Facing the future: early science education as a key investment to meet global challenges
Partner representatives of the Ark of Inquiry project participated in the World Science Forum held in Budapest on 4-7 November 2015. Organised by the Hungarian Academy of Sciences in partnership with UNESCO, ICSU, AAAS, TWAS and EASAC, the Forum brought together scientists, decision-makers from the worlds of politics and industry, representatives of the civil society and the media to express their views on the new challenges facing science in the 21st century.
Over 900 science leaders from 100 countries gathered at this year’s World Science Forum, whose main theme was "The Enabling Power of Science", reflecting on how science opens new paths for the improvement of human life, business innovation and policy making. This year's programme brought together leading decision-makers in the run-up to the December 2015 Conference of the Parties (COP21) in Paris and very much influenced by the UN's 2030 Agenda for Sustainable Development announced in September.
At the Forum in Budapest, the Ark of Inquiry partner representatives – the UNESCO Regional Bureau for Science and Culture in Europe, Venice (Italy), the Austrian Ministry of Education and Women’s Affairs (BMBF), and the Hungarian Research Teachers’ Association (HRTA) - networked with participants and speakers to raise awareness about what the project is trying to do. The aim of the project to promote inquiry-based science education in classrooms across Europe, and in particular, to highlight how a high level of science education in the classroom can help produce a generation of responsible European citizens. Its applications and tools are universal and were of great interest to many of the attendees at the Forum from all regions of the world.
During breaks and other opportunities, the Ark of Inquiry partner representatives engaged over 100 individuals in discussions about the project, its objectives and how it could be applicable and of interest to external parties. During the discussions, hundreds of dissemination materials - flyers and bookmarks - were handed over, and custom-made chocolates bearing the emblem of the project offered.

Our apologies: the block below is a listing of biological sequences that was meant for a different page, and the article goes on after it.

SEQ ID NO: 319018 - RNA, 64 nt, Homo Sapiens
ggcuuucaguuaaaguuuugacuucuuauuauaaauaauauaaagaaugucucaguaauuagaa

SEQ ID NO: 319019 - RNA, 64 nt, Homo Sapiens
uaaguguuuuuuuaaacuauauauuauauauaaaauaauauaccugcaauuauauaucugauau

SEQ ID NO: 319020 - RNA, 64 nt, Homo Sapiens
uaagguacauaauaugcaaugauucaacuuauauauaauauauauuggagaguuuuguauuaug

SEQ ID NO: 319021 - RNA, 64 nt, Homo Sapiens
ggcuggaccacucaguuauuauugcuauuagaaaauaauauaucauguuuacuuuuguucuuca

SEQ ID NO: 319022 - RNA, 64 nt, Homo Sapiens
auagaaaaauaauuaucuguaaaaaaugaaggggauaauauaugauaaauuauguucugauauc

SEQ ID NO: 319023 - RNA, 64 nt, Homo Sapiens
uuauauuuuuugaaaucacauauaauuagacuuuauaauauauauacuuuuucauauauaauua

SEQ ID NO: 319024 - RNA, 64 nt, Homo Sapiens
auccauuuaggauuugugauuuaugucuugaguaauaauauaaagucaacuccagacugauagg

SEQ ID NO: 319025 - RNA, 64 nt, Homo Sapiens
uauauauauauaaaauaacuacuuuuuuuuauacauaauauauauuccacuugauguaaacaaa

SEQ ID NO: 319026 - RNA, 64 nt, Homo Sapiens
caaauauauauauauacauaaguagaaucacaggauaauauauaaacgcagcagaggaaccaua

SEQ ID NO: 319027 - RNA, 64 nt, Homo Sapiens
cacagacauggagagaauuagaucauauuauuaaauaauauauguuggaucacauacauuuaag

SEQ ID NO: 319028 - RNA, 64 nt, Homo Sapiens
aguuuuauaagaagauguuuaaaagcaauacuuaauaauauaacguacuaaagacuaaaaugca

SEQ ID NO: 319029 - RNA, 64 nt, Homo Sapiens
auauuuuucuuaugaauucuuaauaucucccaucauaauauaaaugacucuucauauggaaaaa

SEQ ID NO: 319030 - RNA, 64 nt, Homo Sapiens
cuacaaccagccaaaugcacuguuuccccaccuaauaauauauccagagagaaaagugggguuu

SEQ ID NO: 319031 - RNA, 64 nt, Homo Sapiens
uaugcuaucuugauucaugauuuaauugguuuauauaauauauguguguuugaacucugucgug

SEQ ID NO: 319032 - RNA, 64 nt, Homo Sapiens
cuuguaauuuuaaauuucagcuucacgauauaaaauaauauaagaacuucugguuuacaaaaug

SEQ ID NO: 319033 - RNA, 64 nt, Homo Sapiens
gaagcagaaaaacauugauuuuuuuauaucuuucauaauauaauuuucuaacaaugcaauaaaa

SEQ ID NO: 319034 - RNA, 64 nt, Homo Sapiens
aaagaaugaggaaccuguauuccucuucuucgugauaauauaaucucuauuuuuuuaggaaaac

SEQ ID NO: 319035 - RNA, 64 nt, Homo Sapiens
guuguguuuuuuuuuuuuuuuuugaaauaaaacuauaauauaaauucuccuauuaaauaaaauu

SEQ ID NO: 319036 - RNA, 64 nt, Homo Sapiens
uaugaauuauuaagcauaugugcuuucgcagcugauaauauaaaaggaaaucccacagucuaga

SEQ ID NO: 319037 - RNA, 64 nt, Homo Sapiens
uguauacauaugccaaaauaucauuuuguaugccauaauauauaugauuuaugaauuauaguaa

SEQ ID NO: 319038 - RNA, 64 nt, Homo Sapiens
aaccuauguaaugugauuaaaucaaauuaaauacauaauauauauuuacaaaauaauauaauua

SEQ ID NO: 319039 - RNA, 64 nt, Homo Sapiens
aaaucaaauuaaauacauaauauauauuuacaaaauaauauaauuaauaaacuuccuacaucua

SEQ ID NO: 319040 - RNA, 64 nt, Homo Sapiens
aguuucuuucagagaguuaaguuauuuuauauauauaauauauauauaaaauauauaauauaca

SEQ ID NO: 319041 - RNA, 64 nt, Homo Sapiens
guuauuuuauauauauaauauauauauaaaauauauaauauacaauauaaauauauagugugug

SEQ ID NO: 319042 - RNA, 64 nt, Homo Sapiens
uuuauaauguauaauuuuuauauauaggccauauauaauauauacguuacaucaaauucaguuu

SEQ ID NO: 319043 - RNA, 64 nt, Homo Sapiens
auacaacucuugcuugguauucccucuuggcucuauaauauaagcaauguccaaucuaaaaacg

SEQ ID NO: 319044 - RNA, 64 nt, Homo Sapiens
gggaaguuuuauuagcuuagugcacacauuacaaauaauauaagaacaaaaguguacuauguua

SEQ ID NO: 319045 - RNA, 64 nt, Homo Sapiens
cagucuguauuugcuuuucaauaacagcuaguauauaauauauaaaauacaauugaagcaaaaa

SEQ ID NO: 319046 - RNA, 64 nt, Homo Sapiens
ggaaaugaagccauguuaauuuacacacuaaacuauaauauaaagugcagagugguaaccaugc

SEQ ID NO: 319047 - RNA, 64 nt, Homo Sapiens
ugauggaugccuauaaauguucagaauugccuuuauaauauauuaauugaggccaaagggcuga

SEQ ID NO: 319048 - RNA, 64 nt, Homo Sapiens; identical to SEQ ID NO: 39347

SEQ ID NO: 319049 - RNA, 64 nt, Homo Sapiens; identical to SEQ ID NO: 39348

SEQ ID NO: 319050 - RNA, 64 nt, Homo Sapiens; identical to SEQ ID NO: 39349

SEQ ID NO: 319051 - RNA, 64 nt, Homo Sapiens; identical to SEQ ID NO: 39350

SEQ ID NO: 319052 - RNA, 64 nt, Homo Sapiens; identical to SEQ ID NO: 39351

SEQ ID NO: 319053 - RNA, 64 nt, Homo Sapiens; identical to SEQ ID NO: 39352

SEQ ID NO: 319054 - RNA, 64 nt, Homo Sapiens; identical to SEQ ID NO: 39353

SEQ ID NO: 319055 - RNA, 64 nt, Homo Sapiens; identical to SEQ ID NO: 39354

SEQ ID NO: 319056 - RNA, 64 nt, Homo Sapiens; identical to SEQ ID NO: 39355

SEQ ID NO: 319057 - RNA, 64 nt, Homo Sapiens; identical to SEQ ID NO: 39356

The importance of science education at an early age was encouraged by the Ark of Inquiry representatives as well as incorporated into a number of the panellists’ presentations, noting it as an important pre-condition for young generations to enter into science and engineering careers. The final Declaration of the Forum clearly reinforces this notion: “For science, technology and innovation to attain their full potential and to be truly transformational, people’s knowledge, talent and skills need to be improved with a particular focus on the mastering of science, technology, engineering and mathematics (STEM). It is hence critical to promote adequate investment in STEM education at all levels.” The full text of the declaration may be found online here.
Prior to the Forum, on 3 November 2015, UNESCO and HRTA had the opportunity to participate at a side event of the Forum, the 2nd European Conference of Science Journalists. Sponsored by the European Union of Science Journalist Associations (EUSJA), this event brought together science journalists from all over Europe and allowed the project to get the media’s perspective of communicating about a project through their channels. Feedback and lessons learned from participation at the Forum and the Conference of Science Journalists will be shared with the consortium at its next meeting, scheduled at the end of January 2016 in Amsterdam, The Netherlands.
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Ark of Inquiry: Inquiry Awards for Youth over Europe is a research and development project on teacher training, oriented towards raising science awareness, particularly that of youth aged 7 to 18, to Responsible Research and Innovation (RRI).
The project is funded by the European Commission and involves 13 project partners from 12 countries. The project started in 2014 and has a duration of 4 years.